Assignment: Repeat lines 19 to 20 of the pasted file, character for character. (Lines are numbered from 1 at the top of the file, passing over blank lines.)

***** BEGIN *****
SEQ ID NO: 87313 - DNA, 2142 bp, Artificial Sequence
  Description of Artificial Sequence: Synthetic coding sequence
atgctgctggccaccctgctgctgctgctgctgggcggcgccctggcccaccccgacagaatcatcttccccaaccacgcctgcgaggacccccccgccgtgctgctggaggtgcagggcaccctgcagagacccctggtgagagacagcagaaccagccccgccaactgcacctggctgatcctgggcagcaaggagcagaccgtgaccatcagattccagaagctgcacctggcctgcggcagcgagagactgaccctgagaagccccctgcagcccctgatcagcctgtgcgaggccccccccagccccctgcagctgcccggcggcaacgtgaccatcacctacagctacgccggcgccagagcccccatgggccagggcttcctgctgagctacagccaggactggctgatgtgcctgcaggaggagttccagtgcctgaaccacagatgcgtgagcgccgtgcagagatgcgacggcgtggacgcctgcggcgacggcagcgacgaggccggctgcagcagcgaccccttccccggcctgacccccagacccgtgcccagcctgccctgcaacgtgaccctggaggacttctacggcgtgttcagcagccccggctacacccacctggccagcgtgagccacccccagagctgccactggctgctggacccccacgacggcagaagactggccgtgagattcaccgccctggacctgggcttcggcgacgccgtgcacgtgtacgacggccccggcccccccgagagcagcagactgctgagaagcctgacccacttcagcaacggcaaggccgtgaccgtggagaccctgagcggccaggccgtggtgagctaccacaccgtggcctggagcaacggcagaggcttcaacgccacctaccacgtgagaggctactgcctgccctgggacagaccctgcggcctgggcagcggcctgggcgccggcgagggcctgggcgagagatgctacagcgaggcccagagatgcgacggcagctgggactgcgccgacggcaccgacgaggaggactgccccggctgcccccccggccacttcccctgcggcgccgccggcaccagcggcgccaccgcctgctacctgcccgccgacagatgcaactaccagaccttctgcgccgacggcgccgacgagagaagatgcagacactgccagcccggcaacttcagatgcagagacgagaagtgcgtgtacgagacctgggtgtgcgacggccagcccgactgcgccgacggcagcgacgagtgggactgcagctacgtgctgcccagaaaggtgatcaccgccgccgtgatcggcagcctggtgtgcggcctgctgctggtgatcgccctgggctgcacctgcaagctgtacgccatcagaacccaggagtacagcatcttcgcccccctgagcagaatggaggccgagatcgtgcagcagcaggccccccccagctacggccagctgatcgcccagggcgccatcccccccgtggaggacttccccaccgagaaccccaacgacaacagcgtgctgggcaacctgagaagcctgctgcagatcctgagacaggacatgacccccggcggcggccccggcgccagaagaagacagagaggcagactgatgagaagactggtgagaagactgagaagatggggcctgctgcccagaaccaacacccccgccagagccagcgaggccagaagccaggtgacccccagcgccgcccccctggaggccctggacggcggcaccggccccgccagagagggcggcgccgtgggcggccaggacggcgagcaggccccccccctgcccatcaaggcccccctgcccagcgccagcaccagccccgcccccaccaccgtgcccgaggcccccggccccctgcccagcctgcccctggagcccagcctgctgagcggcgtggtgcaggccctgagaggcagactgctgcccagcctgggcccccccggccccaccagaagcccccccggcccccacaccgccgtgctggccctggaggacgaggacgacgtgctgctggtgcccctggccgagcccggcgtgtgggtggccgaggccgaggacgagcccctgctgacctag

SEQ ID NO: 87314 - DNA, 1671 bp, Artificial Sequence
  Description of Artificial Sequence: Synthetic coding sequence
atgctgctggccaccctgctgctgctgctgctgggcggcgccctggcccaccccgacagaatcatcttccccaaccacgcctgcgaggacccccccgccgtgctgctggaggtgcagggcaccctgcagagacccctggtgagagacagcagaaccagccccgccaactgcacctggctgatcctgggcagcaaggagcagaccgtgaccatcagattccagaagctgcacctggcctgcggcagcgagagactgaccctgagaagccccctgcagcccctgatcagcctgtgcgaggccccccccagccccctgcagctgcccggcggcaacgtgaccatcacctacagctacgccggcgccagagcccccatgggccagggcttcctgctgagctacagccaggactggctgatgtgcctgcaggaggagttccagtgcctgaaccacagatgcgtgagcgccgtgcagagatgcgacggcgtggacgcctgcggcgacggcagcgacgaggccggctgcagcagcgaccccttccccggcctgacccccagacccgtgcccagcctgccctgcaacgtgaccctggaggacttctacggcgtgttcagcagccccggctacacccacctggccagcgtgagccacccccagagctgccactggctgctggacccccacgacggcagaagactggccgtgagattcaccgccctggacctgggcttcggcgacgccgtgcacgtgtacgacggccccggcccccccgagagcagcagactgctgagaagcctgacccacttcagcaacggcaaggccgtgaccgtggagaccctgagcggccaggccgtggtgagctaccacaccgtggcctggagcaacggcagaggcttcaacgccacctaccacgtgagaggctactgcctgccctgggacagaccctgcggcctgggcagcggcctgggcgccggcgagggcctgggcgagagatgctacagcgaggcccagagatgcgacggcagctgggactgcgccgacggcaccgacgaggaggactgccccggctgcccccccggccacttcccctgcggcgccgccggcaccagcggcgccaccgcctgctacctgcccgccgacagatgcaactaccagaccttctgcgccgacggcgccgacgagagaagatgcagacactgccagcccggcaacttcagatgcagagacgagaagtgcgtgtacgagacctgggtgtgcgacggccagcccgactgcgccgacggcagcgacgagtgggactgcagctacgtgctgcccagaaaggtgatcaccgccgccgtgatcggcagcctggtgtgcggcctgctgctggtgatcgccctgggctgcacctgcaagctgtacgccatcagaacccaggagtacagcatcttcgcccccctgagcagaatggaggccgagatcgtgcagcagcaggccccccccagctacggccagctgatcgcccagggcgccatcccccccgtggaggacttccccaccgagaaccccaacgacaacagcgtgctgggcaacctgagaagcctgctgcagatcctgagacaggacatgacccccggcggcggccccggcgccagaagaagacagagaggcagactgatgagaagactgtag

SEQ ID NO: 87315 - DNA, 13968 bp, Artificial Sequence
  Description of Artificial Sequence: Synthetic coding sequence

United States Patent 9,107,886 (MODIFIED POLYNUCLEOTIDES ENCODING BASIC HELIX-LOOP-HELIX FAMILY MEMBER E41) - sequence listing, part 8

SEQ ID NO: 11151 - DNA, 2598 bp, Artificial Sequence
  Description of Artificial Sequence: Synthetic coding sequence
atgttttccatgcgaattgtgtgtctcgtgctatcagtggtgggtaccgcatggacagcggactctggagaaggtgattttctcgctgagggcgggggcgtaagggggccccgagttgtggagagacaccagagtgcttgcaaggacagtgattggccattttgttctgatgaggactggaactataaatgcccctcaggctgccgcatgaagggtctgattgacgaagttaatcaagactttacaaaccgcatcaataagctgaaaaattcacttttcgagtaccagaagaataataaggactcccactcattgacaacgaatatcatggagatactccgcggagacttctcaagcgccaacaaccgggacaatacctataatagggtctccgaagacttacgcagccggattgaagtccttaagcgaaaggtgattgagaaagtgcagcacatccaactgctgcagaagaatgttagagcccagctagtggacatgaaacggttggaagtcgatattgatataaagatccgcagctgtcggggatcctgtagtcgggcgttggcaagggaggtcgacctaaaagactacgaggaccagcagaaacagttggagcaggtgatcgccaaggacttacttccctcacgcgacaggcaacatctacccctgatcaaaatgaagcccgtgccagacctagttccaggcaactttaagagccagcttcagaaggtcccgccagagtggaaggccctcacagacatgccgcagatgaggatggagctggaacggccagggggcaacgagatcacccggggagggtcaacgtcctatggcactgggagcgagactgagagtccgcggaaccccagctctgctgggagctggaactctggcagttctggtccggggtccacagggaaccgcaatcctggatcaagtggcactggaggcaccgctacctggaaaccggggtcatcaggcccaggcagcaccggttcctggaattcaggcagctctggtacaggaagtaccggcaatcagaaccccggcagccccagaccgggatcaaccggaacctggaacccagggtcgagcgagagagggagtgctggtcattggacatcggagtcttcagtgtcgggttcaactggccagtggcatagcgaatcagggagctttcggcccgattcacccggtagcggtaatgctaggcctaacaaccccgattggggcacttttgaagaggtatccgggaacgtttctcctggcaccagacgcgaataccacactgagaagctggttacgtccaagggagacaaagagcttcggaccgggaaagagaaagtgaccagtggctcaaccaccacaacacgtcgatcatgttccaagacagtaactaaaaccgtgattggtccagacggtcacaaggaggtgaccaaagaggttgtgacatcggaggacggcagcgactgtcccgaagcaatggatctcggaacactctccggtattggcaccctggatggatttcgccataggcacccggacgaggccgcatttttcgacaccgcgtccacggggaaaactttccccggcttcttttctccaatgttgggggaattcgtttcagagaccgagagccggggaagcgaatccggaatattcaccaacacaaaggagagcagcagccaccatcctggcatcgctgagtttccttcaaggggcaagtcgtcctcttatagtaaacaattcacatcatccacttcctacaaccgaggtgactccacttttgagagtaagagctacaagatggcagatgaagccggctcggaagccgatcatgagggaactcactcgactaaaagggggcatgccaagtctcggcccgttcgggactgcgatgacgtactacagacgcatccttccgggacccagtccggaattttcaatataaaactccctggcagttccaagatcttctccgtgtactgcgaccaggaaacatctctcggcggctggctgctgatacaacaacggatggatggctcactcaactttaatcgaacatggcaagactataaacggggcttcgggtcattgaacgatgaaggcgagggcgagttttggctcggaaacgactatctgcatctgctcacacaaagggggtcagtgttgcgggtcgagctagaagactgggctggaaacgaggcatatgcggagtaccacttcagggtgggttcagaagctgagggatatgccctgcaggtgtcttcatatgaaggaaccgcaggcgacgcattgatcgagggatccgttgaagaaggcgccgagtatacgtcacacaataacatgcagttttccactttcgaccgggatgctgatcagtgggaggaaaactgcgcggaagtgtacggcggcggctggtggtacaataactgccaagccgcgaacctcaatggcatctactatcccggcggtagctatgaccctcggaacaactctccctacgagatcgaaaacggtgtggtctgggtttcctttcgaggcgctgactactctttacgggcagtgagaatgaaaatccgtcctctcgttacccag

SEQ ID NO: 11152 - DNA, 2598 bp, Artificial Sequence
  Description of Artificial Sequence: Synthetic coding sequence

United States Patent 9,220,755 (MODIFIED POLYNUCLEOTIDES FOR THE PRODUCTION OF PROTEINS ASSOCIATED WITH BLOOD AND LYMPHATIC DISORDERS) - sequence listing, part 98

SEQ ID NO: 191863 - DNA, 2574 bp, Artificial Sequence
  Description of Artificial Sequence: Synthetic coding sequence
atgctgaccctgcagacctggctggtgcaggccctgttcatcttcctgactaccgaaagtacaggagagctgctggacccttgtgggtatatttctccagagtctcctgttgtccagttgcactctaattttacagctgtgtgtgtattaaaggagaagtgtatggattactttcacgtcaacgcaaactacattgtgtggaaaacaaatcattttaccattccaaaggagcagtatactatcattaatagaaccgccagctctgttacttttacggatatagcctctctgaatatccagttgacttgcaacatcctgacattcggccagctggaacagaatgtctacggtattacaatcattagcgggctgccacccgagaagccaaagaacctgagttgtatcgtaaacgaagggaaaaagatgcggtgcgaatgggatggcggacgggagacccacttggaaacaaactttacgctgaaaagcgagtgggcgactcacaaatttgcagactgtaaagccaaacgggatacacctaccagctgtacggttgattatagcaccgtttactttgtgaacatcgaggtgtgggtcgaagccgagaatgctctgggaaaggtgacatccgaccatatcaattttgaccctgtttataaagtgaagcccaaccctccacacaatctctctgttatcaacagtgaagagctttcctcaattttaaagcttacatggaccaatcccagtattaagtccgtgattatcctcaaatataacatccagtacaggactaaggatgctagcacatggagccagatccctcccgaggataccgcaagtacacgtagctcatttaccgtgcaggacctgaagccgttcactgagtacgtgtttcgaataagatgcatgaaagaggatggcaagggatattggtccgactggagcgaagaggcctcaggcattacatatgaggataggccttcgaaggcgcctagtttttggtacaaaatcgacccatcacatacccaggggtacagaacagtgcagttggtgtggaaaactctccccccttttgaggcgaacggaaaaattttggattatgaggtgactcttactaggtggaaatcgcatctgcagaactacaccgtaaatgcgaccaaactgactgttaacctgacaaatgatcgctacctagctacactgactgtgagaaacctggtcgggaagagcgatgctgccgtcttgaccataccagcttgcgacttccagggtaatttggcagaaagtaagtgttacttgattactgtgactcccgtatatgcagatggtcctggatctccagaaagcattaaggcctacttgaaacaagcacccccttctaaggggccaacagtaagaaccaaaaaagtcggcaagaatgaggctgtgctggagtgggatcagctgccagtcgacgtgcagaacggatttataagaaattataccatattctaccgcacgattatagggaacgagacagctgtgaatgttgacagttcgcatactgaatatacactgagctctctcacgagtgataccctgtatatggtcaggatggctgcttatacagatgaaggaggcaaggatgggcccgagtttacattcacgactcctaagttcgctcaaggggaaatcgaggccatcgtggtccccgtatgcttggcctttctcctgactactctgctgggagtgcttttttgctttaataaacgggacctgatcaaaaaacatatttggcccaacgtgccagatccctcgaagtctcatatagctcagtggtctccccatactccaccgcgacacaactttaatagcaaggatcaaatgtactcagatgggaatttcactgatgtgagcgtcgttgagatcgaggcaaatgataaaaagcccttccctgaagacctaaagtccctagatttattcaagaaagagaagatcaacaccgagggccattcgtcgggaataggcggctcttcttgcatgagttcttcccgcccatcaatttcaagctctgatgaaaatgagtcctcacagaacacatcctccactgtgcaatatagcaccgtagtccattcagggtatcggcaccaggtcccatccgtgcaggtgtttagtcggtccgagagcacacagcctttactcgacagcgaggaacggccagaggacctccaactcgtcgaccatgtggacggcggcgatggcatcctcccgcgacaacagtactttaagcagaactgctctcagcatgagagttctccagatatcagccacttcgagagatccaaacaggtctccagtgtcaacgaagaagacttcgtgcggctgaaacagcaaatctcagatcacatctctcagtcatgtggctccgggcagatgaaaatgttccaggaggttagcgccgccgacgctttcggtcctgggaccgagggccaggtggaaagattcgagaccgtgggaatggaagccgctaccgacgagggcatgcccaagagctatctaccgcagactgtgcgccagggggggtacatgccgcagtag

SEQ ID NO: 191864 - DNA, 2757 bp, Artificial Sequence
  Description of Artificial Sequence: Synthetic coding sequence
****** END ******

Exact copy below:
SEQ ID NO: 191864 - DNA, 2757 bp, Artificial Sequence
  Description of Artificial Sequence: Synthetic coding sequence